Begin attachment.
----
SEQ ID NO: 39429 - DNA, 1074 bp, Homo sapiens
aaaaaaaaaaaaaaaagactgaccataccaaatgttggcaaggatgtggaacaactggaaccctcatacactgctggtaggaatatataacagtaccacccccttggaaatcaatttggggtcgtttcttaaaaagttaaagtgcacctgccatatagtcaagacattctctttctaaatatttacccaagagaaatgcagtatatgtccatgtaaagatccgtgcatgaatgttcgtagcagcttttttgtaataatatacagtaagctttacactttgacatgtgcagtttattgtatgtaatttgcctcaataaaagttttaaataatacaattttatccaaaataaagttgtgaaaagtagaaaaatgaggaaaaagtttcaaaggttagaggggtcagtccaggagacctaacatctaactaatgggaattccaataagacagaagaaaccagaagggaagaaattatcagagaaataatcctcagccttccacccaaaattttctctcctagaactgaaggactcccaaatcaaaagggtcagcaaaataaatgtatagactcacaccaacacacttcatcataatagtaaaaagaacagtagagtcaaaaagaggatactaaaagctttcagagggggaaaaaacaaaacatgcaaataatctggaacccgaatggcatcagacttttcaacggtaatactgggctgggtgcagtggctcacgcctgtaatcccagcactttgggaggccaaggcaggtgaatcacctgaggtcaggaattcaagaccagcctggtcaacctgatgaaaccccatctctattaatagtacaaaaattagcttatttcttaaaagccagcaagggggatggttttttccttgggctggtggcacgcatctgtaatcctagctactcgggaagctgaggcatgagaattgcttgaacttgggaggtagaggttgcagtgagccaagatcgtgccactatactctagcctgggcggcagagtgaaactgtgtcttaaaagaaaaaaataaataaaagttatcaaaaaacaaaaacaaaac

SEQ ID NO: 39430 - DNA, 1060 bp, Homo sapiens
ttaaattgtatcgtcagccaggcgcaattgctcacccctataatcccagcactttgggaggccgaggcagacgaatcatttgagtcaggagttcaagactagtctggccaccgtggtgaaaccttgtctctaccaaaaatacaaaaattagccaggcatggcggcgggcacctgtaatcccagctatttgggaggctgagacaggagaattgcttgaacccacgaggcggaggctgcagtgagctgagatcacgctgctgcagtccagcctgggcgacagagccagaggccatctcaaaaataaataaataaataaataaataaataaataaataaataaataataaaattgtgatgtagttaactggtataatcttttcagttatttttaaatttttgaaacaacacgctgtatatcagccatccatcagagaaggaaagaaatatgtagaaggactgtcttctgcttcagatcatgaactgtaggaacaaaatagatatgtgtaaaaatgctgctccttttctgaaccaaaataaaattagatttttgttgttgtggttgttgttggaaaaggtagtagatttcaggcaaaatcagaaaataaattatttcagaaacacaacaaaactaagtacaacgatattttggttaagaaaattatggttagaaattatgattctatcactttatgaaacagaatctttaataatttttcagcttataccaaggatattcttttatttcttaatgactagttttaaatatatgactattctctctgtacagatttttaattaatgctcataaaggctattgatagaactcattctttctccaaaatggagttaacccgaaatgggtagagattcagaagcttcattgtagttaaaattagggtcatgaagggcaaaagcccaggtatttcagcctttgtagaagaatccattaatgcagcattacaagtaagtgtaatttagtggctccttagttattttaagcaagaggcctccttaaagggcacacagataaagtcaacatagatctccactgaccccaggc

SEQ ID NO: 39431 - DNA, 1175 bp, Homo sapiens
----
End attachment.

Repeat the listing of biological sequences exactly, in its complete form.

SEQ ID NO: 39429 - DNA, 1074 bp, Homo sapiens
aaaaaaaaaaaaaaaagactgaccataccaaatgttggcaaggatgtggaacaactggaaccctcatacactgctggtaggaatatataacagtaccacccccttggaaatcaatttggggtcgtttcttaaaaagttaaagtgcacctgccatatagtcaagacattctctttctaaatatttacccaagagaaatgcagtatatgtccatgtaaagatccgtgcatgaatgttcgtagcagcttttttgtaataatatacagtaagctttacactttgacatgtgcagtttattgtatgtaatttgcctcaataaaagttttaaataatacaattttatccaaaataaagttgtgaaaagtagaaaaatgaggaaaaagtttcaaaggttagaggggtcagtccaggagacctaacatctaactaatgggaattccaataagacagaagaaaccagaagggaagaaattatcagagaaataatcctcagccttccacccaaaattttctctcctagaactgaaggactcccaaatcaaaagggtcagcaaaataaatgtatagactcacaccaacacacttcatcataatagtaaaaagaacagtagagtcaaaaagaggatactaaaagctttcagagggggaaaaaacaaaacatgcaaataatctggaacccgaatggcatcagacttttcaacggtaatactgggctgggtgcagtggctcacgcctgtaatcccagcactttgggaggccaaggcaggtgaatcacctgaggtcaggaattcaagaccagcctggtcaacctgatgaaaccccatctctattaatagtacaaaaattagcttatttcttaaaagccagcaagggggatggttttttccttgggctggtggcacgcatctgtaatcctagctactcgggaagctgaggcatgagaattgcttgaacttgggaggtagaggttgcagtgagccaagatcgtgccactatactctagcctgggcggcagagtgaaactgtgtcttaaaagaaaaaaataaataaaagttatcaaaaaacaaaaacaaaac

SEQ ID NO: 39430 - DNA, 1060 bp, Homo sapiens
ttaaattgtatcgtcagccaggcgcaattgctcacccctataatcccagcactttgggaggccgaggcagacgaatcatttgagtcaggagttcaagactagtctggccaccgtggtgaaaccttgtctctaccaaaaatacaaaaattagccaggcatggcggcgggcacctgtaatcccagctatttgggaggctgagacaggagaattgcttgaacccacgaggcggaggctgcagtgagctgagatcacgctgctgcagtccagcctgggcgacagagccagaggccatctcaaaaataaataaataaataaataaataaataaataaataaataaataataaaattgtgatgtagttaactggtataatcttttcagttatttttaaatttttgaaacaacacgctgtatatcagccatccatcagagaaggaaagaaatatgtagaaggactgtcttctgcttcagatcatgaactgtaggaacaaaatagatatgtgtaaaaatgctgctccttttctgaaccaaaataaaattagatttttgttgttgtggttgttgttggaaaaggtagtagatttcaggcaaaatcagaaaataaattatttcagaaacacaacaaaactaagtacaacgatattttggttaagaaaattatggttagaaattatgattctatcactttatgaaacagaatctttaataatttttcagcttataccaaggatattcttttatttcttaatgactagttttaaatatatgactattctctctgtacagatttttaattaatgctcataaaggctattgatagaactcattctttctccaaaatggagttaacccgaaatgggtagagattcagaagcttcattgtagttaaaattagggtcatgaagggcaaaagcccaggtatttcagcctttgtagaagaatccattaatgcagcattacaagtaagtgtaatttagtggctccttagttattttaagcaagaggcctccttaaagggcacacagataaagtcaacatagatctccactgaccccaggc

SEQ ID NO: 39431 - DNA, 1175 bp, Homo sapiens